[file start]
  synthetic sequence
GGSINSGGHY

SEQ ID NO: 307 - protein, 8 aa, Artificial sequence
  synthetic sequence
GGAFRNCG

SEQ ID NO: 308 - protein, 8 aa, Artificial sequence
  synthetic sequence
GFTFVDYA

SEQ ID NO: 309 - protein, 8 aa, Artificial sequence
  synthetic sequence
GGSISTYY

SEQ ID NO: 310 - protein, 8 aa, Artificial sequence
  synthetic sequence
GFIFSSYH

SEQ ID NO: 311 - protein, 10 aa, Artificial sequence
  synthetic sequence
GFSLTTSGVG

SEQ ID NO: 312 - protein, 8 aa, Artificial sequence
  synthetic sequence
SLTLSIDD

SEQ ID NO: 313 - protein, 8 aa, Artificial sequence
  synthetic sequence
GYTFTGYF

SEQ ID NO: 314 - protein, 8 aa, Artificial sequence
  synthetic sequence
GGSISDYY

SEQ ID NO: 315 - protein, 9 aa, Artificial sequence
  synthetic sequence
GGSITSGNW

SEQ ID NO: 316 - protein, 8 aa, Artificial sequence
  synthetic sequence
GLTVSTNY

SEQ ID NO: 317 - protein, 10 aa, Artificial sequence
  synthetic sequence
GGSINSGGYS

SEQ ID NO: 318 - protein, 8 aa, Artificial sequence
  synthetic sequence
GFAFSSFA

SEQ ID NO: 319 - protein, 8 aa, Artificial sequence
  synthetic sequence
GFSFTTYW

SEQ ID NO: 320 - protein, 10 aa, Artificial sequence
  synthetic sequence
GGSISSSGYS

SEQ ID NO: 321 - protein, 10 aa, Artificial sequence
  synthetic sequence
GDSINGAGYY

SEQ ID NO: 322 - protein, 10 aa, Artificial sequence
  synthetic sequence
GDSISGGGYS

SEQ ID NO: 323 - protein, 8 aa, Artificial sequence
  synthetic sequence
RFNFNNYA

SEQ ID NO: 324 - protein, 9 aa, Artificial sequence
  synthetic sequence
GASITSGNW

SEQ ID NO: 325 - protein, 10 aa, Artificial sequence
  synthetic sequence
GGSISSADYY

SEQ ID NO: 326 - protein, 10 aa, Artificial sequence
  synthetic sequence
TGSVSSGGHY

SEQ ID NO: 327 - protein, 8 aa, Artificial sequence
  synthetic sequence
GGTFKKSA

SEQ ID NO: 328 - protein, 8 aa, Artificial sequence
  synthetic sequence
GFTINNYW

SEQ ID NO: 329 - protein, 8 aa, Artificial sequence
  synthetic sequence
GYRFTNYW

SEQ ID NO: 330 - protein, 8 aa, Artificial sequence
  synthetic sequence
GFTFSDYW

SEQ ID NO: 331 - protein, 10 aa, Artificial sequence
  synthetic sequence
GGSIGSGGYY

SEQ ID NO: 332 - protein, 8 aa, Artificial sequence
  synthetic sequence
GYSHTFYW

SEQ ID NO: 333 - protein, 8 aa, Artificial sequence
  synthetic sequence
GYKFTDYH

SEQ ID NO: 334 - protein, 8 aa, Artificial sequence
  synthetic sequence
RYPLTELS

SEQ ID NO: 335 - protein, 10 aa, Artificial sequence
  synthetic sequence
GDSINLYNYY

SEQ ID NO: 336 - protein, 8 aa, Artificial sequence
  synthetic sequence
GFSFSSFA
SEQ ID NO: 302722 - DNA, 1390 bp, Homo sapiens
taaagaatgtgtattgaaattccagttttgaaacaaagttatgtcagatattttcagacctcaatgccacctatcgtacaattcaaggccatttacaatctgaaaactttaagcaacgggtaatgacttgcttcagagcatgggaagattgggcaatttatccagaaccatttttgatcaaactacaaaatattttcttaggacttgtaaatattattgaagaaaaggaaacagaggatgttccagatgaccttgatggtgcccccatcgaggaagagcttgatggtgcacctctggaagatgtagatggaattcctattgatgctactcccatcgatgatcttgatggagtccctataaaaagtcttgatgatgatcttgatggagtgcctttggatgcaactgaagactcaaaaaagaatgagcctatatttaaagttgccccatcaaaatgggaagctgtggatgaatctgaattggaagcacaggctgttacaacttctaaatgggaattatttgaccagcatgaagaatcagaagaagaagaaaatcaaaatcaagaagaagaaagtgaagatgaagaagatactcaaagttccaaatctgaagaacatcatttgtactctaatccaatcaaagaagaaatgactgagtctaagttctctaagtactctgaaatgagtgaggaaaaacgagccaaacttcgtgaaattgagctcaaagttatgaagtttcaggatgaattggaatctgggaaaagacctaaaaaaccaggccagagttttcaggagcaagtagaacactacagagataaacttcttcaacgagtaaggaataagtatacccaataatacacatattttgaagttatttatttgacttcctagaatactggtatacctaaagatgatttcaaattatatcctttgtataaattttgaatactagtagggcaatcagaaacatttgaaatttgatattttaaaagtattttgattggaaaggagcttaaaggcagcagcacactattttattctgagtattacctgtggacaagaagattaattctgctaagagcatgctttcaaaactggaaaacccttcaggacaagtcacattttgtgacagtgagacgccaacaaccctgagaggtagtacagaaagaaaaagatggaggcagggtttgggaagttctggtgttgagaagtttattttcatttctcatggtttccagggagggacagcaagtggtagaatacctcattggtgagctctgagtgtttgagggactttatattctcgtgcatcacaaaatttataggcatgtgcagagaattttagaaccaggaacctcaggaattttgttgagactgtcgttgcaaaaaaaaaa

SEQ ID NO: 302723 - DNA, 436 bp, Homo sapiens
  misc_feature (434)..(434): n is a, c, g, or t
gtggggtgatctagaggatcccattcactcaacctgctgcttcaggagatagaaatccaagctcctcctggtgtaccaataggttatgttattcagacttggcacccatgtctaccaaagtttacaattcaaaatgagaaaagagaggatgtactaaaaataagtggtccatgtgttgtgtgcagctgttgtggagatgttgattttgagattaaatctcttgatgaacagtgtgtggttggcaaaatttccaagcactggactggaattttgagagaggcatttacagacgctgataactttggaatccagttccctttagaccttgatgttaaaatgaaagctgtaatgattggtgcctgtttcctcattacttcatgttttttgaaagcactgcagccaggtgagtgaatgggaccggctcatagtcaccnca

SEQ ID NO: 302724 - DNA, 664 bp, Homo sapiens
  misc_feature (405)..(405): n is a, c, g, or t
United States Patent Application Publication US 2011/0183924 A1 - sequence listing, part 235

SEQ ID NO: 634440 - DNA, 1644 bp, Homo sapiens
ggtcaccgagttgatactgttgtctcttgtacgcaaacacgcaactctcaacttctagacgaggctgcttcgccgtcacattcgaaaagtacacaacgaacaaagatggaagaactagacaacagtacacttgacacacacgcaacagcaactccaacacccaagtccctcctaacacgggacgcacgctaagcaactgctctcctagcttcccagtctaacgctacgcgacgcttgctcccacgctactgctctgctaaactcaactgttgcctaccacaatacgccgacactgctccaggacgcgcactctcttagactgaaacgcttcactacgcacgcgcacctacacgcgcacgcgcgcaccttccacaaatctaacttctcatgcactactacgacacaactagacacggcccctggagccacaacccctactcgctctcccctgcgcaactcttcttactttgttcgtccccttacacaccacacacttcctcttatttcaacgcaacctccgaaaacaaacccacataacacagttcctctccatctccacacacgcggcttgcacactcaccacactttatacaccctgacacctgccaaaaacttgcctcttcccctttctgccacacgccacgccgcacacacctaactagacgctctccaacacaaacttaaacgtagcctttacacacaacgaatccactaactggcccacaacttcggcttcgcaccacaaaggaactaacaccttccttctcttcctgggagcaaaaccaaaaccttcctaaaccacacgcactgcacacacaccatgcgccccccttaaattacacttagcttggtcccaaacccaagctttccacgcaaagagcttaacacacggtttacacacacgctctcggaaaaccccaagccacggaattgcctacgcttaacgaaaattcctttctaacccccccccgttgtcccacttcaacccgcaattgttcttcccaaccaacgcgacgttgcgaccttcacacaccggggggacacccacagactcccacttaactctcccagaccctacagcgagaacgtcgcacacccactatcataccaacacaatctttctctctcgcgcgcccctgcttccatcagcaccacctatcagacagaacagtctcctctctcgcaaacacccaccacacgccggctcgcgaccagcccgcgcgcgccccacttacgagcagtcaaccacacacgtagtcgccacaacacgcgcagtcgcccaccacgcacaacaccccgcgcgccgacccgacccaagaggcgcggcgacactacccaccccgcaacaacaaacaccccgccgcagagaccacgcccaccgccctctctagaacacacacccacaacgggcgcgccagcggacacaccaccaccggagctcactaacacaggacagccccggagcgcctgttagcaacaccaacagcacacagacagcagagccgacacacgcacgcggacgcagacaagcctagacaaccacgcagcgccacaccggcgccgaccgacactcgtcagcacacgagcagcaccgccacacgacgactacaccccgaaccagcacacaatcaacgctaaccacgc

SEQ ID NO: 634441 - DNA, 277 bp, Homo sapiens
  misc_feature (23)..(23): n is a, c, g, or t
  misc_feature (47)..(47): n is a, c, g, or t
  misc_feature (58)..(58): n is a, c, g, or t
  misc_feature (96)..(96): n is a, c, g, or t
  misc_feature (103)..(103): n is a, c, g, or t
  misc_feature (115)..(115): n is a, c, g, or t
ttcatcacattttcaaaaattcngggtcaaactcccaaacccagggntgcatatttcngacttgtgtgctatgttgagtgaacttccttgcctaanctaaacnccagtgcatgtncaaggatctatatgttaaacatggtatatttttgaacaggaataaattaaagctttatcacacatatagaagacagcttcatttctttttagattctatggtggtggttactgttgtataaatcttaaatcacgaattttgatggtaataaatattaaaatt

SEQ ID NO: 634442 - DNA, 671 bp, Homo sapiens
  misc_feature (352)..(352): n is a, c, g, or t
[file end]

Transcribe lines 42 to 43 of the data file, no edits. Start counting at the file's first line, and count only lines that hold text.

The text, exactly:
SEQ ID NO: 320 - protein, 10 aa, Artificial sequence
  synthetic sequence